The Farrar Family Papers in The Lincoln Public Library

Consider this post a placeholder – for myself, or some future researcher – but there is a wealth of primary material relating to the Farrar family of Lincoln/ Concord, currently housed in the Lincoln Public library. And it’s waiting to be gone through and read.

On the genealogical bucket list, this is definitely towards the top (but behind photographing Jonathan French’s journal from the French and Indian War).

 

LINCOLN PUBLIC LIBRARY

Bedford Road, Lincoln, Massachusetts

ARCHIVES/ SPECIAL COLLECTIONS

Farrar Family Collection

2003.009

[The list of documents below is merely a sample.–LSL]

 

Series 2, Correspondence

Box # Folder # Identification # Description

  • 1 11 2003.009.2.1 Letter to Deacon Samuel Farrar, Lincoln, Mass., from children Jonathan and Rebecca French, Hampton, N.H., August 9 [1817?] (Encapsulated)
  • 1 11 2003.009.2.2 Letter to Deacon Samuel Farrar, Lincoln, Mass., from children Jonathan and Rebekah French, with note added from James French, January 12, 1824 (?) [Accessioned as 1982.56.2]
  • 1 11 2003.009.2.3 Letter to [Jonat]han French, (?) Canada, fragment. (Encapsulated) [Accessioned as 1982.56.4]
  • 1 1 12 12 2003.009.2.9 2003.009.2.9 Letter to Deacon Samuel Farrar, Lincoln, from son Letter to Deacon Samuel Farrar, Lincoln, from son Samuel Farrar, Andover, March 10, 1813.[Accessioned as 1982.56.7]
  • 1 12 2003.009.2.10 Letter to Samuel T. French, North Hampton, N.H., from brother J. F. French, Schenectady, N.Y., November 5, 1828.  (Poor condition)
  • 1 32 2003.009.4.16 Copy of part of a letter from Rev. Jonathan French, North Hampton, N.H. (husband of Rebecca Farrar) to Dea. Samuel Farrar, July 25, 1805.[Accessioned as 1982.54.7]

Series 4, Farrar Family Members

Box # Folder # Identification # Description

  • 1 33 2003.009.4.34 Brief biographical sketch of Dea. Samuel Farrar, Jr., 1737-1829, source unknown.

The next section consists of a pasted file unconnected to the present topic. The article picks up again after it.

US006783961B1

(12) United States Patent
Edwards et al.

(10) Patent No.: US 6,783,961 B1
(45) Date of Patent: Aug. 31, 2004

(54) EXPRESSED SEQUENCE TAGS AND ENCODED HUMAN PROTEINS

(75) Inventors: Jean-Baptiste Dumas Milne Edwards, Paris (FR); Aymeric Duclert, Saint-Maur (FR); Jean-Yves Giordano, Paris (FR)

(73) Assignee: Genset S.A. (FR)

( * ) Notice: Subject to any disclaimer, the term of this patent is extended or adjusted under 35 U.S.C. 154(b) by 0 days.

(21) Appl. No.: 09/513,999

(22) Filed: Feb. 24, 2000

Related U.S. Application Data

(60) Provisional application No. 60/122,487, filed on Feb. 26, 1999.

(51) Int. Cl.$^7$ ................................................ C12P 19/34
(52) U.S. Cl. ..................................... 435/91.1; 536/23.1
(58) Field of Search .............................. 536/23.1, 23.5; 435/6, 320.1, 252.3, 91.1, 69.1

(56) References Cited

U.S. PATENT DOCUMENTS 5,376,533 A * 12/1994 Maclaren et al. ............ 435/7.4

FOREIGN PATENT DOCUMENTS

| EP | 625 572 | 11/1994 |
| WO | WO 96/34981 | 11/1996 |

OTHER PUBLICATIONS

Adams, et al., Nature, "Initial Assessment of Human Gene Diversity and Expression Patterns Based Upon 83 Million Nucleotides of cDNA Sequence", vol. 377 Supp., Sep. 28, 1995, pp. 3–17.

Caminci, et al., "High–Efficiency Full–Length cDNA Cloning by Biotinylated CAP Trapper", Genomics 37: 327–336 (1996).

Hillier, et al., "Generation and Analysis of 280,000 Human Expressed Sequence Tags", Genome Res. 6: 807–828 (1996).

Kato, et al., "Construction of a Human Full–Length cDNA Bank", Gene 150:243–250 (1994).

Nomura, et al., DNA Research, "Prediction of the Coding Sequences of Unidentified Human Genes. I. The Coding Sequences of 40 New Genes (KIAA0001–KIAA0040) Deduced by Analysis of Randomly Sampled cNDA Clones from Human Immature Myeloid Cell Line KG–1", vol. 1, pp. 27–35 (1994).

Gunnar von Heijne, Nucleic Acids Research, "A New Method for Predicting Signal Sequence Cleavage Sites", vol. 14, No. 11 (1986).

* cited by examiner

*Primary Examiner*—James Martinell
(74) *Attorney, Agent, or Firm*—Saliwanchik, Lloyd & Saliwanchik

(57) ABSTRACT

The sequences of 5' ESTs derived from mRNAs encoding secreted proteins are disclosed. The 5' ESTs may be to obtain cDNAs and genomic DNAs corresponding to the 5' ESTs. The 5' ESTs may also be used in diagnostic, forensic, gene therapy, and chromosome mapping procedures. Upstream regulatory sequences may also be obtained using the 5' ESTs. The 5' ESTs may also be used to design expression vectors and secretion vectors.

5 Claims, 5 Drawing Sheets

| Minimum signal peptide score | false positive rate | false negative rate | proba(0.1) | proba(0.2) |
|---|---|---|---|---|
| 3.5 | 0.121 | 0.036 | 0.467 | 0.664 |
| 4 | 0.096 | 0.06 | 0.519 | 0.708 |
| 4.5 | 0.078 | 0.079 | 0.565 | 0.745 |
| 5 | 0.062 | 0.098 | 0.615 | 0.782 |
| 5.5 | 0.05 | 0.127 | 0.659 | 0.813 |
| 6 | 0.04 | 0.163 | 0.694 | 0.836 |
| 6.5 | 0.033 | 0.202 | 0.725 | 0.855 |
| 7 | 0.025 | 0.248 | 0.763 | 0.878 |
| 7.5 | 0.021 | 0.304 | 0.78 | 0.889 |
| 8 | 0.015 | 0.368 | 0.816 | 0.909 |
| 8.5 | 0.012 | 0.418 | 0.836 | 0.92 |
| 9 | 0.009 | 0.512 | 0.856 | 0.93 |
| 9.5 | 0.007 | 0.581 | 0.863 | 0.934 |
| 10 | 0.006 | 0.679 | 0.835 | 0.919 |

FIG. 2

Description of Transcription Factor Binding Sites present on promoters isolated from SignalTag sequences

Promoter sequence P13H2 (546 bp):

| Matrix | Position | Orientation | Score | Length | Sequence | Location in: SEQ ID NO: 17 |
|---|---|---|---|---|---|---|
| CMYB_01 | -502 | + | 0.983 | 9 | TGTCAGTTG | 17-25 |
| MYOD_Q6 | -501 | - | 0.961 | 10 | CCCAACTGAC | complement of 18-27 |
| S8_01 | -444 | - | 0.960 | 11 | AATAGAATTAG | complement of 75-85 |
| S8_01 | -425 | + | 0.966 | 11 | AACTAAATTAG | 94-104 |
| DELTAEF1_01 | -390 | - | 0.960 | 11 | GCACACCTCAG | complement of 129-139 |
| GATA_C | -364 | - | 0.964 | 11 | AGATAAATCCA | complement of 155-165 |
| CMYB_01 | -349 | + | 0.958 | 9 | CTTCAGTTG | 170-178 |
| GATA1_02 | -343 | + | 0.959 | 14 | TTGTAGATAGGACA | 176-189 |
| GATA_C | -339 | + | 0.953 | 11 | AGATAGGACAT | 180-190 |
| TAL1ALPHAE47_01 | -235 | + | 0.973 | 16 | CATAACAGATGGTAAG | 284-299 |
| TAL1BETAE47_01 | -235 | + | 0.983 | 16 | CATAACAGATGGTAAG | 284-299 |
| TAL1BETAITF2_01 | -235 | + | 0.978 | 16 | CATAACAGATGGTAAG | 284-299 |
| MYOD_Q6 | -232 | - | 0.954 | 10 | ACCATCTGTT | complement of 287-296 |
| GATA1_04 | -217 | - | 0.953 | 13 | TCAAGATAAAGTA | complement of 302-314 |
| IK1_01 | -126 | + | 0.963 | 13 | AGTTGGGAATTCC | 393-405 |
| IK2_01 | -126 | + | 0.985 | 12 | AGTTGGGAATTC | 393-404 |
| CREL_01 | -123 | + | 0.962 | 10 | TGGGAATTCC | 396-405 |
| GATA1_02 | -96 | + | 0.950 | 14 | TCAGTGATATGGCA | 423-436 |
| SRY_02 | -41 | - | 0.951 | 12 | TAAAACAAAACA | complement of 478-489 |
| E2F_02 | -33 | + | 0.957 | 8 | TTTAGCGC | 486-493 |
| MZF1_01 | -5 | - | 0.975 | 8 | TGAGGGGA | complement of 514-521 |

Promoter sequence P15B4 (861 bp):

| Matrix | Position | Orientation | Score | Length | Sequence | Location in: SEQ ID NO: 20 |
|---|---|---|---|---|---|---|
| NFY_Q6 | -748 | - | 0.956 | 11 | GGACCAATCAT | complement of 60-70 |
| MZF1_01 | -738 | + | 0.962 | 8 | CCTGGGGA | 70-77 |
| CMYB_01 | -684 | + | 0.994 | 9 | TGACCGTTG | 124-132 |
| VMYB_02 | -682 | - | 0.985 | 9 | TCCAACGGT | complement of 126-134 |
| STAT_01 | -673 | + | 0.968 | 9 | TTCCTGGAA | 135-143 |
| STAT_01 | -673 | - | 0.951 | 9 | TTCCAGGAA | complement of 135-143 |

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The Battle of Bunker Hill Seen As A Family Affair, And Other Odd Observations

My cousin, Elisha Lee, raised an interesting point last fall. He said (I’m paraphrasing) that if you could go back in time and visit certain key events as they happened, such as the Battle of Bunker Hill, you could more or less pick out numerous ancestors fighting, if not side by side, then at least on the same field. At that particular moment, they had nothing to do with each other, no outstanding connections other than their shared service, but within a century or so, they would, many of them, be united by the bonds of family. The same could be said of the ill-fated Quebec expedition, which saw its members imprisoned by the British.

With this thought experiment in mind, I thought I’d put together a list of events where we either know or are pretty sure that certain ancestors would have likely crossed paths with one another.

I’ve also included a couple other quirky lists, which might just double as Jeopardy topics. These include:  “Tutored by John Adams,” and “Father/ Son Military Service in the Same War.”

Where else were they going to go?

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Passage on the Mayflower & Life in the Early Massachusetts Bay Colony

  • William Bradford
  • John Alden and Priscilla Mullens Alden
  • William Mullens and Alice Mullens
  • Edward Doty
  • Isaac Allerton and Mary Norris Allerton
  • John Howland and Elizabeth Tilley Howland
  • John Tilley and Joan Hurst Rogers Tilley

 

The Battle of Lexington and Concord

  • Timothy Bigelow, Sr.
  • Samuel Farrar, Sr. (aged 66 at  the time!)
  • Samuel Farrar, Jr.
  • (Note: Samuel Lawrence and the Groton company marched at the alarm, but didn’t arrive in time.)

 

The Battle of Bunker Hill

  • Willam Prescott
  • John Linzee
  • Samuel Lawrence
  • Samuel Farrar, Jr.
  • Jonathan French, Sr.
  • Elishama Brandegee

 

Quebec Expedition and Life as a POW

  • Timothy Bigelow
  • Elishama Brandegee

 

The Surrender of Burgoyne

  • William Prescott
  • Samuel Farrar, Jr.

 

Tutored by John Adams